• The track "Tier" was written and played live in 1994 before Herzeleid came out (commonly bootlegged as 'Biest') but was largely rewritten by the time it appeared on 1998's Sehnsucht. The same is true of "Alter Mann", which also debuted in 1994 and went through several known arrangements before appearing on "Sehnsucht" in 1998.
    • Many demo tracks from the "Liebe Ist Fur Alle Da" sessions leaked which suggest the band had written backing tracks first and was trying out which lyrics worked best with the music. Examples include Panterra (The instrumental of "Gib Mir Deine Augen" with the lyrics from "Pussy") and Augen Zu (The instrumental of "Liebe Ist Fur Alle Da" with some of the lyrics from "Wiener Blut")
  • Record Producer: All of Rammstein's albums have been produced by Jacob Hellner.
  • Rule 34: "Pussy". The video premiered on a porn site. And that's just the canon example.
  • Shout-Out:
    • The strange screaming noises in "Wollt Ihr Das Bett in Flamen Sehen?" are creature death sounds from Doom.
    • "Mein Teil" ends with a bunch of freaks on a leash.
    • Marilyn Manson, a long time friend of the band and especially Richard, has a cameo role at Till's funeral in "Haifisch", the only celebrity at the funeral who is not a part of the band.
    • The cover of Sehnsucht is a reference to Manson's music video for "The Beautiful People", which had a similar head-contraption-thing. Manson returned that shout out by using a platinum version of the "Du Hast" masks on the "mOBSCENE" single cover, which also has a remix by two members of the band.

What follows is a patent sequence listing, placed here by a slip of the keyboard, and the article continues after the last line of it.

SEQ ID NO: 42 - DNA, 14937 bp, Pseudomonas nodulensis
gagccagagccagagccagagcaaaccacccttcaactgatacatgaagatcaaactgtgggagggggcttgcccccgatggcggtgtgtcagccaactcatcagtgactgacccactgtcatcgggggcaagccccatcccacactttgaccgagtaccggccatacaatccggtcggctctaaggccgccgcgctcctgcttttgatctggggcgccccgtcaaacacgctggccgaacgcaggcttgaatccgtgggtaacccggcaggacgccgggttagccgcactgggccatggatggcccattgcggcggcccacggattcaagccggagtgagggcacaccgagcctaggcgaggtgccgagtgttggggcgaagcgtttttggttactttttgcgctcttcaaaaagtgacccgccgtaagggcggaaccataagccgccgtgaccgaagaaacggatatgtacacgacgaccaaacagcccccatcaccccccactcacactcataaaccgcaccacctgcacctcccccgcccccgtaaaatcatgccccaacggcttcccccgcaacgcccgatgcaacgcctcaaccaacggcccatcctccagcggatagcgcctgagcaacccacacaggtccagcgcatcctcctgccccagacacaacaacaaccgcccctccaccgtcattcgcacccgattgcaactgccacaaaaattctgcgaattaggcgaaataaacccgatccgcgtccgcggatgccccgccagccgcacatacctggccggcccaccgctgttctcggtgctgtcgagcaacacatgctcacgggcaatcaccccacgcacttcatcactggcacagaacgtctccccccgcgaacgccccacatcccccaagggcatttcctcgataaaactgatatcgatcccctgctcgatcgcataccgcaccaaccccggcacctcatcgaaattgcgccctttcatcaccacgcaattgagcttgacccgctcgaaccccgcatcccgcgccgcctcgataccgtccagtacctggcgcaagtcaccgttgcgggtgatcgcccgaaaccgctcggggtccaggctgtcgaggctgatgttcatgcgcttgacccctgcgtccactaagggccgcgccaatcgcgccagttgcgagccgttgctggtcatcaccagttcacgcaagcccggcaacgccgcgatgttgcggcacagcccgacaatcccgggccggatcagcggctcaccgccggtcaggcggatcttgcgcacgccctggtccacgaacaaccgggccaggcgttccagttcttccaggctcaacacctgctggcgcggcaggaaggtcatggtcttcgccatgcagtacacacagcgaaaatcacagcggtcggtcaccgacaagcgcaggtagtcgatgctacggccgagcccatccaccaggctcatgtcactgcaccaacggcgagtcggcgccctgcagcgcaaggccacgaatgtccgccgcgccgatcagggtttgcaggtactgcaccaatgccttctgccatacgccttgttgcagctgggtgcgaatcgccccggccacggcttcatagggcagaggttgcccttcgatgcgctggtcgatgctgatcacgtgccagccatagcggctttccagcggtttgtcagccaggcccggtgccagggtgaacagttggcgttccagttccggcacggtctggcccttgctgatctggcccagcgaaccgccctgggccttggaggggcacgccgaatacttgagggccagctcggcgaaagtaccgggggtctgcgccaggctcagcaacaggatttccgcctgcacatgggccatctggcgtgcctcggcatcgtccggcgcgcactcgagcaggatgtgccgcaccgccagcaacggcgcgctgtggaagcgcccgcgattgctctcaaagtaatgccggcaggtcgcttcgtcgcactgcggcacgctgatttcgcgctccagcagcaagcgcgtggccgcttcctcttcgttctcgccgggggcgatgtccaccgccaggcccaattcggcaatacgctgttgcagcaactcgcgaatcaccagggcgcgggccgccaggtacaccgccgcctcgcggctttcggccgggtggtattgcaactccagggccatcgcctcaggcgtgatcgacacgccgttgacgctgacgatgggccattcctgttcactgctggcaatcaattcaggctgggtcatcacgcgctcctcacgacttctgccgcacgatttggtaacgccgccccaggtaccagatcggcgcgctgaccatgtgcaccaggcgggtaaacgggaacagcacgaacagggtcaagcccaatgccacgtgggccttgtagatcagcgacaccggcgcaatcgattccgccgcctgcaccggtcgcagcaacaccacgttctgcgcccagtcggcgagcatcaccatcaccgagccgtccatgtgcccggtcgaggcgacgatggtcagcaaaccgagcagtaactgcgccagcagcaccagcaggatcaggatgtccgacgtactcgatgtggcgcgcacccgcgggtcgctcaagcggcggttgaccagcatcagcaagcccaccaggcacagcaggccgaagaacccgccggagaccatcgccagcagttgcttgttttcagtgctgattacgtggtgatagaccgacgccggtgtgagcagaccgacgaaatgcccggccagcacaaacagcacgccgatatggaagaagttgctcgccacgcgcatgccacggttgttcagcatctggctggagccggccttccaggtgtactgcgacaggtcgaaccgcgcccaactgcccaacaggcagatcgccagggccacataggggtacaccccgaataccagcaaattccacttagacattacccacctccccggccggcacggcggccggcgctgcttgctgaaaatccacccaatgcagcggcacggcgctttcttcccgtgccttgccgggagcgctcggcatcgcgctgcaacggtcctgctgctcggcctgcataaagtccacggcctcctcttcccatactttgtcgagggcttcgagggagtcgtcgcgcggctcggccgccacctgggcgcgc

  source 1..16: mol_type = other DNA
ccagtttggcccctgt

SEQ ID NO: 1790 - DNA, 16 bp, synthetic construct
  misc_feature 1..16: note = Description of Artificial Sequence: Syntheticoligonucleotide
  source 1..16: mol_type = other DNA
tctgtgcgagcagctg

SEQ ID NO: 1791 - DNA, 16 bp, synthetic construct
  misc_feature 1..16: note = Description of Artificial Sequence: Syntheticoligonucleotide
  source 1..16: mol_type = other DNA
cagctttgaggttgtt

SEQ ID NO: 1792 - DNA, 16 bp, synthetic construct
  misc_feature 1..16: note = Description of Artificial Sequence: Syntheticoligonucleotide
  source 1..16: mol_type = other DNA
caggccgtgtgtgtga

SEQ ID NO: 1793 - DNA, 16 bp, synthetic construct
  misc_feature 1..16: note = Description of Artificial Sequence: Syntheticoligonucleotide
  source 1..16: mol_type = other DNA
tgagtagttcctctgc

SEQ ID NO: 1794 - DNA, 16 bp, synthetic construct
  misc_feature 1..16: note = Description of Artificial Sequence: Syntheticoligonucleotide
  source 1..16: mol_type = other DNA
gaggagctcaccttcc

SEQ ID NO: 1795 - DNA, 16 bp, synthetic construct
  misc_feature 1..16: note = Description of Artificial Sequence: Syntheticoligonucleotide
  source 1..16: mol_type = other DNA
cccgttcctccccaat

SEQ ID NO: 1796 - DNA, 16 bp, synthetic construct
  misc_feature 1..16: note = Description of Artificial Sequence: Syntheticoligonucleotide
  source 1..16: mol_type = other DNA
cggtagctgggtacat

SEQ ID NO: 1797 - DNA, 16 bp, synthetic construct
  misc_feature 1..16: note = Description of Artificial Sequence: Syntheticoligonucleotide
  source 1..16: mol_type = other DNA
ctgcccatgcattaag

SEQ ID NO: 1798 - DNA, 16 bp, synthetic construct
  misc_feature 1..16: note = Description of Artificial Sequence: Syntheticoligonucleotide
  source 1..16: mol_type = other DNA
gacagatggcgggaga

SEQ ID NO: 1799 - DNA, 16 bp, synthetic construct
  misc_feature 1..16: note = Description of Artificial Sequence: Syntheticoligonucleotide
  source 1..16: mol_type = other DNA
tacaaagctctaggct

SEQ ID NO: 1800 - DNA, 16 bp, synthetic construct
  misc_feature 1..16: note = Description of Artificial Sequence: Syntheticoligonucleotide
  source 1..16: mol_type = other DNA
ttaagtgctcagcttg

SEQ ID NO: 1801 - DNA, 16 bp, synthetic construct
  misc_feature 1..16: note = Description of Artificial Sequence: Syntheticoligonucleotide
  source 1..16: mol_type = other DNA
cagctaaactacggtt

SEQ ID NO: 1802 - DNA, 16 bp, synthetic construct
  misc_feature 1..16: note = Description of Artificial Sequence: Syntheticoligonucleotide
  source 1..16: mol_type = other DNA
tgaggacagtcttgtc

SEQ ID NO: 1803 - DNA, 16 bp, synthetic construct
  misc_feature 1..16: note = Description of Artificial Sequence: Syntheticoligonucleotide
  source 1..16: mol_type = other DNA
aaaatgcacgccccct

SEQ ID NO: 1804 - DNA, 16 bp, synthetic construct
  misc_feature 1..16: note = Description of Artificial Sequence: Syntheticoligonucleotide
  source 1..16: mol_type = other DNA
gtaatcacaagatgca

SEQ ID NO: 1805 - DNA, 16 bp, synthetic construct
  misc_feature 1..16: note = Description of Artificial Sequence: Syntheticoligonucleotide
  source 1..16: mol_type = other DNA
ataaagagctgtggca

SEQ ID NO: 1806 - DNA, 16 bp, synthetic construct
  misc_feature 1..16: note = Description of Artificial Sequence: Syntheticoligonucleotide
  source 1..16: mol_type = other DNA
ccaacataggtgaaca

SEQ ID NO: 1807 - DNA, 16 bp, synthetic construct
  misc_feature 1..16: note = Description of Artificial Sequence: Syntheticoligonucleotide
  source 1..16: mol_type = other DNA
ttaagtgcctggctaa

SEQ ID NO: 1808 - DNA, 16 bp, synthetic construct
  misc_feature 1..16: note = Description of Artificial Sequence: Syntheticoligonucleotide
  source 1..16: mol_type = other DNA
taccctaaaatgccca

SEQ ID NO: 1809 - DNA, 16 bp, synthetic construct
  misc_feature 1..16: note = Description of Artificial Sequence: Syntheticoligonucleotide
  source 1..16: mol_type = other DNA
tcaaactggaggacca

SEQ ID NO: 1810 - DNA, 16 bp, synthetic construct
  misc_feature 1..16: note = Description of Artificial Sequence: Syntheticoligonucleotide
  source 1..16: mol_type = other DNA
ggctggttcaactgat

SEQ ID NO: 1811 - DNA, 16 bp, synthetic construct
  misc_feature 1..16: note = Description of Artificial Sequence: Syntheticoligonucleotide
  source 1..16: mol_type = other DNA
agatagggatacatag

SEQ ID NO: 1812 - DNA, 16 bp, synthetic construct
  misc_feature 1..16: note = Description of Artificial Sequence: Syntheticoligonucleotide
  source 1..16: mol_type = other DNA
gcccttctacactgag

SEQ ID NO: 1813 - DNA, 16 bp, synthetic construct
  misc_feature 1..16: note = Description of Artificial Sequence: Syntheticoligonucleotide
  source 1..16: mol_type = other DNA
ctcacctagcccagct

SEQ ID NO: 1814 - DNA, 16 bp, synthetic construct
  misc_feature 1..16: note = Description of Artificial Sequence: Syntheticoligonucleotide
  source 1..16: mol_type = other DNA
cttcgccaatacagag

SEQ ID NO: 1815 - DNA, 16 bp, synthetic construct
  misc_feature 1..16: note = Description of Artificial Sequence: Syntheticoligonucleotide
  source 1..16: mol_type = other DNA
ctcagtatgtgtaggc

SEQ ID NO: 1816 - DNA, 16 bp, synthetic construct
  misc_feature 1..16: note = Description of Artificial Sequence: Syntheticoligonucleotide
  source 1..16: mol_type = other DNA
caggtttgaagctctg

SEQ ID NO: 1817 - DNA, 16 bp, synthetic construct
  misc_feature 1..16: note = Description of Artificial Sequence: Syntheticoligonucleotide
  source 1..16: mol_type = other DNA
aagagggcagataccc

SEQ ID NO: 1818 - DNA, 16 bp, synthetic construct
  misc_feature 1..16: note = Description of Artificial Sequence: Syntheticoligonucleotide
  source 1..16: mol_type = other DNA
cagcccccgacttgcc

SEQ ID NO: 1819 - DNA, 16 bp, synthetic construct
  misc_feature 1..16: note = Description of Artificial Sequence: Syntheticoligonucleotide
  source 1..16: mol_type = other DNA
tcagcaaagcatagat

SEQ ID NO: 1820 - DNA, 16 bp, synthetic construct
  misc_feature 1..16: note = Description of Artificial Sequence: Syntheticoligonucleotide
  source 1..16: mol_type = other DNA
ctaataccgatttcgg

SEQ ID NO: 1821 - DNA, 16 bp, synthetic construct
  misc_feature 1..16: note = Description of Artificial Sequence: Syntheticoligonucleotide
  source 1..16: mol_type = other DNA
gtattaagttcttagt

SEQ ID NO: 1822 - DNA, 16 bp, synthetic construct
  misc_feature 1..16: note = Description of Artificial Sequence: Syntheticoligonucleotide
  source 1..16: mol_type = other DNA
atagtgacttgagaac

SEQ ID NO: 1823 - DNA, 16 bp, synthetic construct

• "Ohne Dich" contains references to a famous German poem: see below under Spiritual Successor.
  • Singing Voice Dissonance: Till Lindemann has a positively mellow speaking voice to contrast his furious growling in-song.
  • Soprano and Gravel: "Engel", "Nebel" (where they're performed by Christiane "Bobo" Herbold), "Moskau", to some extent "Spieluhr" (which features vocals from Khira Li, Richard's daughter), and "Stirb Nicht Vor Mir (Don't Die Before I Do)" (featuring vocals from Sharleen Spiteri of Texas, though the original German version was performed by Bobo). Also "Halleluja", the hidden track from Mutter.
  • Spiritual Successor: "Ohne Dich" is this to a song by Franz Schubert, "Wandrers Nachtlied II", which itself is a setting of the poem by the same name by Johann Wolfgang von Goethe, probably the most famous poem in German literature, in which a solitary man looks out over a peaceful forest in which "die Vögelein schweigen im Walde", "the birds in the trees are quiet", and feels that soon, he too will be at rest. In "Ohne Dich", a man looks at a forest which is "so schwarz und leer", so "black and empty", and in which "die Vögel singen nicht mehr", "the birds sing no more", because his lover has either left him or has died — but at any rate, he's "ohne dich", "without you", and not at rest at all, but in despair.